Clint Talks to Gerard Butler & David Wenham of 300

Category: 300 News | Posted by: DaisyMay
Article Date: February 28, 2007 | Publication: Moviehole | Author: Clint Morris
Publication/Article Link:http://www.moviehole.net/news/20070301_clint_talks_to_gerard_butler_d.html


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"300" is one of this year’s most anticipated new blockbusters. Based on the renowned graphic novel by Frank Miller (Sin City), and directed by talented newcomer Zack Snyder (Dawn of the Dead), its set in the midst of the Persian-Greco war and revolves around the 480 B.C. Battle of Thermopylae, where Spartan king Leonidas led his army of 300 soldiers into battle against the invading Persian army. According to legend, their valor and sacrifice inspired all of Greece to unite against their Persian foe, leading to the origins of democracy.

Clint Morris caught up with the films stars, Scottish heartthrob Gerard Butler and acclaimed Aussie actor David Wenham – both looking a lot less built than they do in the film.

You’re a long way from Pearl Bay, David?
David Wenham: Indeed. Indeed.

We just saw some footage from the film. It looks great. It also looked like it was a pretty physically demanding film. Did you get hurt at all?
Gerard Butler: There were a few injuries.
David Wenham: I liked the results of getting fit, granted the results are gone, but I liked the results. It was intense. I’d never trained like that in my life before. I was paid to get the fittest I’d ever been in my life, so it was good.
Gerard Butler: At times it seemed like every day somebody else was being carted off to the hospital. There was a couple stunt men got injured. I don't know about you [turning to Wenham], but I pulled my groin at one point. And then I got drop foot, and I was flopping around, my foot was flopping around, for like six days, and then I damaged my shoulders from just doing too much, basically overdoing it.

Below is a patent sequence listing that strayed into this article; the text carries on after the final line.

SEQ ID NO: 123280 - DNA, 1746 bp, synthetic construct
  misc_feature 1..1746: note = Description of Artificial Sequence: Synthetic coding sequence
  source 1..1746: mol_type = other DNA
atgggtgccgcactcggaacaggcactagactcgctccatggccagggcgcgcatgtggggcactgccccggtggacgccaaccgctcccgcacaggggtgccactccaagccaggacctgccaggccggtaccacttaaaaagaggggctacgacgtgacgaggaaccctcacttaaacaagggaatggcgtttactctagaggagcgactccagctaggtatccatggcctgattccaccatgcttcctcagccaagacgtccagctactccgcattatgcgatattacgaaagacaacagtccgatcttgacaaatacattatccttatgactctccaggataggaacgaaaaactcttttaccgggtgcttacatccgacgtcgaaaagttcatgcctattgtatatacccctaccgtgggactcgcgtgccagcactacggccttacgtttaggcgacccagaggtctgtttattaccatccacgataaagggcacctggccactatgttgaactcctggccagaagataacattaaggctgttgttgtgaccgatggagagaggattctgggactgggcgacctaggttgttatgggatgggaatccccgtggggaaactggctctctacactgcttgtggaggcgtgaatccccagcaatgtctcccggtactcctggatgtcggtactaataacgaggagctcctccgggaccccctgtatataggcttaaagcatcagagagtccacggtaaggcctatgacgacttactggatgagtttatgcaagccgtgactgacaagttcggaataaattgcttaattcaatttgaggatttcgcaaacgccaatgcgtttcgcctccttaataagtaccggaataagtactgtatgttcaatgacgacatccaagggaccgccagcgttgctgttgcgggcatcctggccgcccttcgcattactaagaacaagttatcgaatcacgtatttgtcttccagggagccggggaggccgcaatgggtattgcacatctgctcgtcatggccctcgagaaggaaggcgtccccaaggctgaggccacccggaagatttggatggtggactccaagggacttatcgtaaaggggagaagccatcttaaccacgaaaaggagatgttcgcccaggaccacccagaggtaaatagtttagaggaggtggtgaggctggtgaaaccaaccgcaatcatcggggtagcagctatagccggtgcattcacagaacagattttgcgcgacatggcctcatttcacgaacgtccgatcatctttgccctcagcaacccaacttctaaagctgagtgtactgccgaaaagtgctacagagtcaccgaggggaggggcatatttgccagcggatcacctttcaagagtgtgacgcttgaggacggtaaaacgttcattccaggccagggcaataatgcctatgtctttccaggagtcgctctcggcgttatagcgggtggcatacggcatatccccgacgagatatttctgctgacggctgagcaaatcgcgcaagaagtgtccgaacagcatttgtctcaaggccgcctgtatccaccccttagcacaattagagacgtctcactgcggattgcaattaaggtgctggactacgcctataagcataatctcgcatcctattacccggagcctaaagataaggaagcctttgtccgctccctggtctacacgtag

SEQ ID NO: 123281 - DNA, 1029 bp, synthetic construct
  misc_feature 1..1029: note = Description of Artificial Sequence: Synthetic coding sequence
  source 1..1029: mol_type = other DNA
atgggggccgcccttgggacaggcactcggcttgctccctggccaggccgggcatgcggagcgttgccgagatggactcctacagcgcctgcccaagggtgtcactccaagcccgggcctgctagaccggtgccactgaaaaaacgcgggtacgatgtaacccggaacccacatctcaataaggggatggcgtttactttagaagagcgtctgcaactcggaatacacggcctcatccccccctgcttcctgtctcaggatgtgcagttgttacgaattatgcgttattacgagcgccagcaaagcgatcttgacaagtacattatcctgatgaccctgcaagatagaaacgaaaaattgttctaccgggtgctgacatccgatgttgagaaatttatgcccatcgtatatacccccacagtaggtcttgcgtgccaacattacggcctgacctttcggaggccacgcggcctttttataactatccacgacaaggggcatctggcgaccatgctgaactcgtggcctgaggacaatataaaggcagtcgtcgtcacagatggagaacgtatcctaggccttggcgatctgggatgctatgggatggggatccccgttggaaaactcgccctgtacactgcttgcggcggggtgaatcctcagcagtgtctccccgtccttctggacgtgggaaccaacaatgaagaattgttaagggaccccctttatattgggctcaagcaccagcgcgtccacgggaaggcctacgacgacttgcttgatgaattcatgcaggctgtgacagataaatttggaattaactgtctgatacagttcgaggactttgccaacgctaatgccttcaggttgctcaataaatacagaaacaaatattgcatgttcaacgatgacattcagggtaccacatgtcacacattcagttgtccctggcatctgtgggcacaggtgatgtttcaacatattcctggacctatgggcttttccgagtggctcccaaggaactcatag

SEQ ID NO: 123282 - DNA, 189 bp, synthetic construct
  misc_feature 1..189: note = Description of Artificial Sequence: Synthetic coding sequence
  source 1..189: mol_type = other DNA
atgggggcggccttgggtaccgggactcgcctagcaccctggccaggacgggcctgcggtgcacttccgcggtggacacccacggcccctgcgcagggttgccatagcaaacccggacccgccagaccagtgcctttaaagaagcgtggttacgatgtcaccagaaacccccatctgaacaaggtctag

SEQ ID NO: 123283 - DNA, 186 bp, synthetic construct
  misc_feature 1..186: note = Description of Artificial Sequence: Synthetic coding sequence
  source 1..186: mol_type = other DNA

David Wenham: He wouldn’t listen to me, I told him that would happen.

When did you start training for the movie, Gerard?
Gerard Butler: I started training a little earlier. I was training way before the movie started, and then I picked it up again when the movie got up in Montreal. I trained with two different guys. I loved it. It was intense, but it really built that bonding, and in some ways, camaraderie between the guys. At the same time, I haven’t been in a gym once we stopped. I have no wish to do so for quite a while either. I pretty much spent four months on a massage table after shooting this movie.

Can I just ask - what did the training involve?
Gerard Butler: Eating peanuts. But also, there was a lot of bodybuilding – lifting weights – and then of course we had the more aerobic side of things with the swords and the shields and the spears, and that was just, like, doing routine after routine and doing it again and again, to get that strength and that stamina and also to get that form. To really look like you knew what you were doing. So there was that, and that went on for months and months, and we'd be doing that between shots, jumping off in the gym with all the stunt guys. But it was great, I mean it was a lot of fun. Especially the early days, when we were all like pretty shitty at it.
David Wenham: I can remember those days [Laughs]

How does it feel to be involved in a movie that’s based on a book by the great Frank Miller?